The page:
The last two years have been kind to Satoshi Kon fans: Dark Horse and Vertical Comics have each released two volumes of Kon’s manga, from Tropic of the Sea, a supernatural mystery, to Seraphim 266613336 Wings, an unfinished collaboration with Ghost in the Shell director Mamoru Oshii. This week, I investigate Dream Fossil, which collects all of Kon’s published short stories into a single volume.
Dream Fossil: The Complete Stories of Satoshi Kon
By Satoshi Kon
Vertical Comics, $24.95
Dream Fossil is a window into a crucial stage in Satoshi Kon’s development: the six-year period between the publication of his first short story (1984) and his first long-form manga (1990). Readers may be astonished by Kon’s undisguised homage to Katsuhiro Otomo, and the flaws in his storytelling technique. Yet Dream Fossil is not simply a collection of juvenilia; these stories represent Kon’s first meaningful attempt to grapple with the themes that define his mature work, from Perfect Blue and Tokyo Godfathers to Paranoia Agent and Paprika.
Consider “Carve” and “Toriko,” two of Kon’s earliest works. Both take place in dystopian societies that stress conformity and obedience over individualism and free will–an ideal set-up for exploring the boundaries between reality and illusion. Though Kon delineates these boundaries more baldly in “Carve” and “Toriko” than in his later films, all of Kon’s characters exist in a false state of consciousness; only shattering acts of violence force them to question what they think is real. These early stories also suggest Otomo’s strong influence on Kon; “Carve,” in particular, feels like a compressed retelling of Akira, as both feature a young male protagonist whose extrasensory powers turn him into God-like being.
“Beyond the Sun” and “Joyful Bell” are another instructive pairing. Both stories evoke the humanist spirit of Tokyo Godfathers in their fond, funny depictions of two city-dwellers who temporarily escape the confines of their daily routines. As in Tokyo Godfathers, the urban landscape proves an essential component of both stories; Kon treats the city as a playground where adults can shed the burdens of age, failure, and loneliness to recover their optimism and youthful wonder.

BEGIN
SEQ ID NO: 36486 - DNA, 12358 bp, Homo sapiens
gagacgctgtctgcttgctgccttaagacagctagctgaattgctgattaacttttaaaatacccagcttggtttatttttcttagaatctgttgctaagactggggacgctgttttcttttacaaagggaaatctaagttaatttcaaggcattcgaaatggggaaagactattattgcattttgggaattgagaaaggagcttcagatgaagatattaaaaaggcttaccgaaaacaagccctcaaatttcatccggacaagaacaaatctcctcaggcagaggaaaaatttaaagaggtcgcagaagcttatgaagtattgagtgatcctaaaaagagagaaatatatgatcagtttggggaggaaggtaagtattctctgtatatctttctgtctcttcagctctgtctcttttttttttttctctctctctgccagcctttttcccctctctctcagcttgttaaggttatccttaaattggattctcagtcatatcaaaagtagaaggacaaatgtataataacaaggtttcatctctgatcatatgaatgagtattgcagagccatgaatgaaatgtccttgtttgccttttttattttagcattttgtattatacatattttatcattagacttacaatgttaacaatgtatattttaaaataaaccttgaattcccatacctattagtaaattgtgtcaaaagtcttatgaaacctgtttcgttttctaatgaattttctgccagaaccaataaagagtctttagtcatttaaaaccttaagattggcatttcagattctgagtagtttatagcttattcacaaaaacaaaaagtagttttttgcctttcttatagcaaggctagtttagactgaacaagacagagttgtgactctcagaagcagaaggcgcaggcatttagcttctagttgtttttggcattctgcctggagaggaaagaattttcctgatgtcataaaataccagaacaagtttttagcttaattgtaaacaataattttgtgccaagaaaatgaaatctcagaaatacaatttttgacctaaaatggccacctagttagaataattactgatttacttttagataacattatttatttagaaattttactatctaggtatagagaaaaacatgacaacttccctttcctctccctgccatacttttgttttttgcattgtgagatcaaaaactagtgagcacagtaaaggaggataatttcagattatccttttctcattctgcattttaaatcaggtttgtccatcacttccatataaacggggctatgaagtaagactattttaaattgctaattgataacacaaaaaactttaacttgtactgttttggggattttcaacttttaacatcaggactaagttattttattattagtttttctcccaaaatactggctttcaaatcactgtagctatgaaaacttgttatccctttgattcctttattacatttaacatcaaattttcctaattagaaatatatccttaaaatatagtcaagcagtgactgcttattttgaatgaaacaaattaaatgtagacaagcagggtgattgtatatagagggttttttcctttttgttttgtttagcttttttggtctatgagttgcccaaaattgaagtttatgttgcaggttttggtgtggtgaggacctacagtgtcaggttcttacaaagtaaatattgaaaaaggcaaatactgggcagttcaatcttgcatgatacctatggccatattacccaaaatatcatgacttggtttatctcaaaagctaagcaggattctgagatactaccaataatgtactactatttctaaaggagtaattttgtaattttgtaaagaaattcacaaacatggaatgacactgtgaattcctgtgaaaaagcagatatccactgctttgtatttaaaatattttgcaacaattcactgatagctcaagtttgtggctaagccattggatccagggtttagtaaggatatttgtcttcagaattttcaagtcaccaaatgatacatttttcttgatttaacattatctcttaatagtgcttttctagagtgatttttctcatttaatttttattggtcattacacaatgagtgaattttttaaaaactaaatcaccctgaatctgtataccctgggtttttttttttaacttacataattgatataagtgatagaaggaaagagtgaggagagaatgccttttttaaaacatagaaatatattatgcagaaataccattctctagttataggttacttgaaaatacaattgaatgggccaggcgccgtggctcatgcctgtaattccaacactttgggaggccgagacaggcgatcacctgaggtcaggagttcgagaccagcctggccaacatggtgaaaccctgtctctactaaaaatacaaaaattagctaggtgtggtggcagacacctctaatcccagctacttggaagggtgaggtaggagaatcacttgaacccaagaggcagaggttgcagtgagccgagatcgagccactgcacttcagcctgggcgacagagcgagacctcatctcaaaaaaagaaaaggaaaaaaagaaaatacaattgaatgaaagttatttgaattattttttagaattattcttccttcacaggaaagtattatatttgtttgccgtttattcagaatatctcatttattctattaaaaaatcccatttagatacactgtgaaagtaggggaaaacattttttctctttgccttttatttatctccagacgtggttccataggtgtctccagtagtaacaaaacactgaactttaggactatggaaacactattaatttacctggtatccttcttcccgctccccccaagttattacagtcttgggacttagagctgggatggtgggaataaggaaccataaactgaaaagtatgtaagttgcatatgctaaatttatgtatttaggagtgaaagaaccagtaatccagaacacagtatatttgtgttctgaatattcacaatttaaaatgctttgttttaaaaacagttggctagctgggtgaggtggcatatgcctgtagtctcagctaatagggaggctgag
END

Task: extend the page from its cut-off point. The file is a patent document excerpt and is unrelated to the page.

Other stories work well on their own terms. “Guests,” a cautionary tale about real estate, skillfully blends humor and horror, while “Picnic,” one of Dream Fossil‘s briefest selections, depicts the sepulchral beauty of an underwater city. At the other end of the spectrum are Kon’s coming-of-age stories “Horseplay,” “Summer of Anxiety,” and “Day Has Dawned,” all of which suffer from tonal schizophrenia, see-sawing between wacky hijinks and meaningful lessons about adulthood. This combination might have worked in a longer format, but Kon’s characters are so underdeveloped that they never register as distinct individuals who are motivated by their own beliefs, fears, and desires.
If pressed to say whether I “liked” Dream Fossil, I’d be reluctant to give a simple yes-or-no answer. It’s difficult to overlook the rubbery faces and clumsy internal transitions in the volume’s weakest stories, or Kon’s flagrant efforts to cop Otomo’s style. Yet many of the stories feature the kind of arresting sequences, amusing plot twists, and flashes of genuine imagination that are hallmarks of Kon’s best films, making it difficult to dismiss this uneven body of work as “good,” “bad,” or “okay.”
Reviews: Jason Thompson makes a strong case that Kekkaishi is the best shonen manga you haven’t read. At Anime UK News, Sarah reviews Servamp, a supernatural adventure about–what else?–vampires. Closer to home, TCJ columnist Joe McCulloch sings the praises of Professor Layton, an untranslated manga in which “a top-hatted archeologist and his adolescent weed carrier solve extremely unlikely and sentimental mysteries” by means of word games, puzzles, and riddles.
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